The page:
White Blood Cells

White Blood Cells

4.8 20
by The White Stripes
     
 

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Anyone can grab something off a thrift store rack and call it fashion, but it takes a lot of chopping and channeling to create genuine style. Detroit's White Stripes have style for miles and miles -- and not just in their candy-cane threads. The boy-girl duo, often lumped together with skronk-blues minimalists like Jon Spencer, are too

Overview

Anyone can grab something off a thrift store rack and call it fashion, but it takes a lot of chopping and channeling to create genuine style. Detroit's White Stripes have style for miles and miles -- and not just in their candy-cane threads. The boy-girl duo, often lumped together with skronk-blues minimalists like Jon Spencer, are too slippery to fit into that pigeonhole. Yes, there's a bit of fuzzed-out Zeppelin (and a lot of Willie McTell) in the shiver-inducing "Dead Leaves and the Dirty Ground," but deep indigo is only one of the colors in Jack and Meg White's palette. The pouty garage-stomp "Fell in Love with a Girl" tracks glam footprints everywhere it frugs, while the voice-and-drum "Little Room" -- one of the most succinct, self-aware descriptions of an artistic career arc you'll ever hear -- explodes in blood-red tones. The duo's appeal is more than just ear-deep, though. Singer/guitarist Jack White projects -- through both his mottled yelp and his guileless lyrics -- a yearning vulnerability that's eerily reminiscent of Kurt Cobain. You can hear it plainly in the gentle elementary-school amble of "We're Going to Be Friends," but also in the subtly affecting loss-of-innocence rave "I'm Finding It Harder to Be a Gentleman." And by the time he's finished muttering, moaning, and whispering through the despondent "The Union Forever," you'll not only get the message he's sending, you'll feel it so deeply that you'll want to deliver it by hand.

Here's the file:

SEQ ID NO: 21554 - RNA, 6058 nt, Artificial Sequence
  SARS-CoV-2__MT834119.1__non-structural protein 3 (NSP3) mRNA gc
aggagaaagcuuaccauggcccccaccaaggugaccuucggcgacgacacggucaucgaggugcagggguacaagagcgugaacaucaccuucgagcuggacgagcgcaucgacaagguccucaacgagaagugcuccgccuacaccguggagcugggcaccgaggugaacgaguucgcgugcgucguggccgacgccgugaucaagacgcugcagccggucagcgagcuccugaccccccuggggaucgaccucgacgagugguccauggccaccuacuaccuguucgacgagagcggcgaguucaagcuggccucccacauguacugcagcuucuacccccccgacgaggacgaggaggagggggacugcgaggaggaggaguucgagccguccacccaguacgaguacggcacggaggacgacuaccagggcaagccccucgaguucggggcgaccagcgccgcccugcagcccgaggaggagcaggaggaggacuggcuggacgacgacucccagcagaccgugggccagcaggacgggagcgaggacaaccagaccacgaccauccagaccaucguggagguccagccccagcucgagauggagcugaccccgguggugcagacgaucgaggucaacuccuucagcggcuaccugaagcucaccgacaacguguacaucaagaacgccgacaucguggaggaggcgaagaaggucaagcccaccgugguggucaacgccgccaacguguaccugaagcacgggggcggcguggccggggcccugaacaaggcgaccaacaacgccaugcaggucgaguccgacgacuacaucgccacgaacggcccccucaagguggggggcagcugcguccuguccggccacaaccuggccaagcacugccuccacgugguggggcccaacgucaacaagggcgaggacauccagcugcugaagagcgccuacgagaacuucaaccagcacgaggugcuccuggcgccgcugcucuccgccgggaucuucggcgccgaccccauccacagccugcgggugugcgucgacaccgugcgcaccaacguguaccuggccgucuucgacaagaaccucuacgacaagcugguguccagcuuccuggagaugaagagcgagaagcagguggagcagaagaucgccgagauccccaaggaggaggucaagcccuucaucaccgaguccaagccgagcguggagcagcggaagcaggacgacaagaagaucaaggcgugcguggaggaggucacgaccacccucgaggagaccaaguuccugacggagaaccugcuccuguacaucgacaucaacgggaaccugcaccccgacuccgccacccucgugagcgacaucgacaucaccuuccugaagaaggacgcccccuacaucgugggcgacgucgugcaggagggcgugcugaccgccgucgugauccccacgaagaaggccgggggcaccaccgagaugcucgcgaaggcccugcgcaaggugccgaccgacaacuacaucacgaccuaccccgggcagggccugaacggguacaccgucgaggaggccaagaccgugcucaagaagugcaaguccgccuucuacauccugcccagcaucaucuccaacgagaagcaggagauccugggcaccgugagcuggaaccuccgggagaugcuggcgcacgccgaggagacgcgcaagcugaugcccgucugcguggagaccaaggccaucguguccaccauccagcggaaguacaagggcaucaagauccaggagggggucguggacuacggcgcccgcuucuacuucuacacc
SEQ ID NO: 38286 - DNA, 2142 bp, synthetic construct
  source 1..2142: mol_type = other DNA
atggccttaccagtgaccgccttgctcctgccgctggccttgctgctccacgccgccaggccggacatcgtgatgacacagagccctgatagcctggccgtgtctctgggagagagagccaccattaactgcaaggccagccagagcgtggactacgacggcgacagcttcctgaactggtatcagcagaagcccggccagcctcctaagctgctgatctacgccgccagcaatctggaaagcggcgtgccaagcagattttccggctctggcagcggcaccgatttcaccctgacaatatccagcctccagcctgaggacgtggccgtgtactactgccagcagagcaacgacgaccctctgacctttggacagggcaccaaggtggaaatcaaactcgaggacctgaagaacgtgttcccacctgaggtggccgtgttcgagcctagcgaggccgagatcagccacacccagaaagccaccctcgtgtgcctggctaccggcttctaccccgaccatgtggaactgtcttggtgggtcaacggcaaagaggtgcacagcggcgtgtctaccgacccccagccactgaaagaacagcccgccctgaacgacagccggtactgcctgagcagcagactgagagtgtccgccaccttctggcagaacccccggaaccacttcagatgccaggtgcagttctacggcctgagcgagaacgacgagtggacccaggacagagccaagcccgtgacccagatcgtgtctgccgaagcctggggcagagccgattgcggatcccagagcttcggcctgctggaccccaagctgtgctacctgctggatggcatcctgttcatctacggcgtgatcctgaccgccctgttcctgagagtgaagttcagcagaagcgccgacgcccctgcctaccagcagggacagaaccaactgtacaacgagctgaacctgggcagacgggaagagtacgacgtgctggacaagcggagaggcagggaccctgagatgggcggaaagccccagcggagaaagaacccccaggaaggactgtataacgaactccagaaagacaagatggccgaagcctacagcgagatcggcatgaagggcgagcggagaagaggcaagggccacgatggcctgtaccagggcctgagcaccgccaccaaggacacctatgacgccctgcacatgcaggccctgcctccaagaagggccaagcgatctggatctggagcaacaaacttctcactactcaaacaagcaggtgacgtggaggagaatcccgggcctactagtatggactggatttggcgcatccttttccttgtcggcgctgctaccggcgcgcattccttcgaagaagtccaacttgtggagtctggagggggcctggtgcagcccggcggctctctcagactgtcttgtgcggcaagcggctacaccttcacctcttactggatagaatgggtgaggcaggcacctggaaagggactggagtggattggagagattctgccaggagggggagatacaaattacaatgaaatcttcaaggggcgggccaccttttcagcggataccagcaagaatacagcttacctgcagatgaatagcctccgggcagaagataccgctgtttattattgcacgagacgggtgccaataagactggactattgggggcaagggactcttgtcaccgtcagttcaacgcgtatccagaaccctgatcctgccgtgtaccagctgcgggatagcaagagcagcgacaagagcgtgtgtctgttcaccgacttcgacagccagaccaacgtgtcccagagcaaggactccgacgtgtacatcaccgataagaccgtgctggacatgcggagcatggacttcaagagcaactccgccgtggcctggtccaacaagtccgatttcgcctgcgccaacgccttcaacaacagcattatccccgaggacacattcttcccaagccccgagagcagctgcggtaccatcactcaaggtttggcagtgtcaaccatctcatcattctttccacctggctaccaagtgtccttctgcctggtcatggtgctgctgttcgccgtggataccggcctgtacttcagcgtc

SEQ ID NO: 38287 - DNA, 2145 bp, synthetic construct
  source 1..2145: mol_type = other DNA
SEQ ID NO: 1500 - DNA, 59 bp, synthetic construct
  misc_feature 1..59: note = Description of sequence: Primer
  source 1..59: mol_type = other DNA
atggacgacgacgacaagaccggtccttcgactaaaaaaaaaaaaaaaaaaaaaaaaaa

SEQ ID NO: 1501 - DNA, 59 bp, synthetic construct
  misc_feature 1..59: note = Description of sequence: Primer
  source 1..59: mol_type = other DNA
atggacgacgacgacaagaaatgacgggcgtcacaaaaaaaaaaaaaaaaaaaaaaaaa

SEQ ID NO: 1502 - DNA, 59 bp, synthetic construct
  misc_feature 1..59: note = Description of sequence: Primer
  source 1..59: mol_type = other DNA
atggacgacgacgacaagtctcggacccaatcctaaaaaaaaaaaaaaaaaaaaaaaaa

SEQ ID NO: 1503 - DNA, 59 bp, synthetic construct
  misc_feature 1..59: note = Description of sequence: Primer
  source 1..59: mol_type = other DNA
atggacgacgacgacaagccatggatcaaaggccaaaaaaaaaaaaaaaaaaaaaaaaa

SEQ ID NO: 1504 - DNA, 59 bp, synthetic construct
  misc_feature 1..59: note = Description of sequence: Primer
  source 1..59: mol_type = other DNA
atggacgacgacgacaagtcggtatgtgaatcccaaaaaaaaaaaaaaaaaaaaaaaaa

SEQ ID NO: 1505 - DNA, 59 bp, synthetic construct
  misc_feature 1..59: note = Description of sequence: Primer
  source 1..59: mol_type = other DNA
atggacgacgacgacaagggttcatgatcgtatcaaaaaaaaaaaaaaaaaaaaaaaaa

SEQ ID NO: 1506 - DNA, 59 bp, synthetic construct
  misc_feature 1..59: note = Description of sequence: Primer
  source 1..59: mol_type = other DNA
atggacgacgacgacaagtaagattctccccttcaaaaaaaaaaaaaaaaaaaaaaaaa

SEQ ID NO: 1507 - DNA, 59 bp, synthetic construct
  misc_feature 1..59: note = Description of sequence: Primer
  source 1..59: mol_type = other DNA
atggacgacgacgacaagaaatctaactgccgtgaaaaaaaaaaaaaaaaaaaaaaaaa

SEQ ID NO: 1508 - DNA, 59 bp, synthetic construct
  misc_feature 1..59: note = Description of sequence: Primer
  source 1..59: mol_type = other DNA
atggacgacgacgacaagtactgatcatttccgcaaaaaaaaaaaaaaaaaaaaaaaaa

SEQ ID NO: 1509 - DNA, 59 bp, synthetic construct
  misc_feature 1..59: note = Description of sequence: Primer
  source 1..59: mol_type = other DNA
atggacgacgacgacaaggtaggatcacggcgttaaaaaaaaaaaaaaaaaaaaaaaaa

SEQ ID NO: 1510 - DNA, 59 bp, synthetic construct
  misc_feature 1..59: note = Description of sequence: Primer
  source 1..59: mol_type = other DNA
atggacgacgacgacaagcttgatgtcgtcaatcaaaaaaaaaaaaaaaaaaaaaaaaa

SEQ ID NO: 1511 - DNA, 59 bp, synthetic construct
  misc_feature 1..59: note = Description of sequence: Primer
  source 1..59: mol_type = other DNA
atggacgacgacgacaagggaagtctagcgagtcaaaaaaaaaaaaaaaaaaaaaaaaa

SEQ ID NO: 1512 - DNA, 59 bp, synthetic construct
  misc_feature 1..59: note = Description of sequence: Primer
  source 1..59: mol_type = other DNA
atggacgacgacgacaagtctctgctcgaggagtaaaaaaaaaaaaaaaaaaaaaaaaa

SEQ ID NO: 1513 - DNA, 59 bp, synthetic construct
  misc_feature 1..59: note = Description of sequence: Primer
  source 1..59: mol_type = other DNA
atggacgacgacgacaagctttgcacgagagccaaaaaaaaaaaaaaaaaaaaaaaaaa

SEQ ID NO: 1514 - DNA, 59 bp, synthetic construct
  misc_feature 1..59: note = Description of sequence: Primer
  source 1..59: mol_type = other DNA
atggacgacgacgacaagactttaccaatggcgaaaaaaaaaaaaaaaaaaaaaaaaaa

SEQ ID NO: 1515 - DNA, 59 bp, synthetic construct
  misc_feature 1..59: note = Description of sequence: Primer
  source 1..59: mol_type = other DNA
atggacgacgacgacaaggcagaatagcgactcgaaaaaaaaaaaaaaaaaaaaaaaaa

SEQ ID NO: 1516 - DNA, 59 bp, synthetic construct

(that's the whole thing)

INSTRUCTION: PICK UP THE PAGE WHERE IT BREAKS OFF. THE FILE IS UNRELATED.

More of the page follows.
Editorial Reviews

All Music Guide - Heather Phares
Despite the seemingly instant attention surrounding them -- glowing write-ups in glossy magazines like Rolling Stone and Mojo, guest lists boasting names like Kate Hudson and Chris Robinson, and appearances on national TV -- the White Stripes have stayed true to the approach that brought them this success in the first place. White Blood Cells, Jack and Meg White's third effort for Sympathy for the Record Industry, wraps their powerful, deceptively simple style around meditations on fame, love, and betrayal. As produced by Doug Easley, it sounds exactly how an underground sensation's breakthrough album should: bigger and tighter than their earlier material, but not so polished that it will scare away longtime fans. Admittedly, White Blood Cells lacks some of the White Stripes' blues influence and urgency, but it perfects the pop skills the duo honed on De Stijl and expands on them. The country-tinged "Hotel Yorba" and immediate, crazed garage pop of "Fell in Love With a Girl" define the album's immediacy, along with the folky, McCartney-esque "We're Going to Be Friends," a charming, school-days love song that's among Jack White's finest work. However, White's growth as a songwriter shines through on virtually every track, from the cocky opener "Dead Leaves and the Dirty Ground" to vicious indictments like "The Union Forever" and "I Think I Smell a Rat." "Same Boy You've Always Known" and "Offend in Every Way" are two more quintessential tracks, offering up more of the group's stomping riffs and rhythms and us-against-the-world attitude. Few garage rock groups would name one of their most driving numbers "I'm Finding It Harder to Be a Gentleman," and fewer still would pen lyrics like "I'm so tired of acting tough/I'm gonna do what I please/Let's get married," but it's precisely this mix of strength and sweetness, among other contrasts, that makes the White Stripes so intriguing. Likewise, White Blood Cells' ability to surprise old fans and win over new ones makes it the Stripes' finest work to date.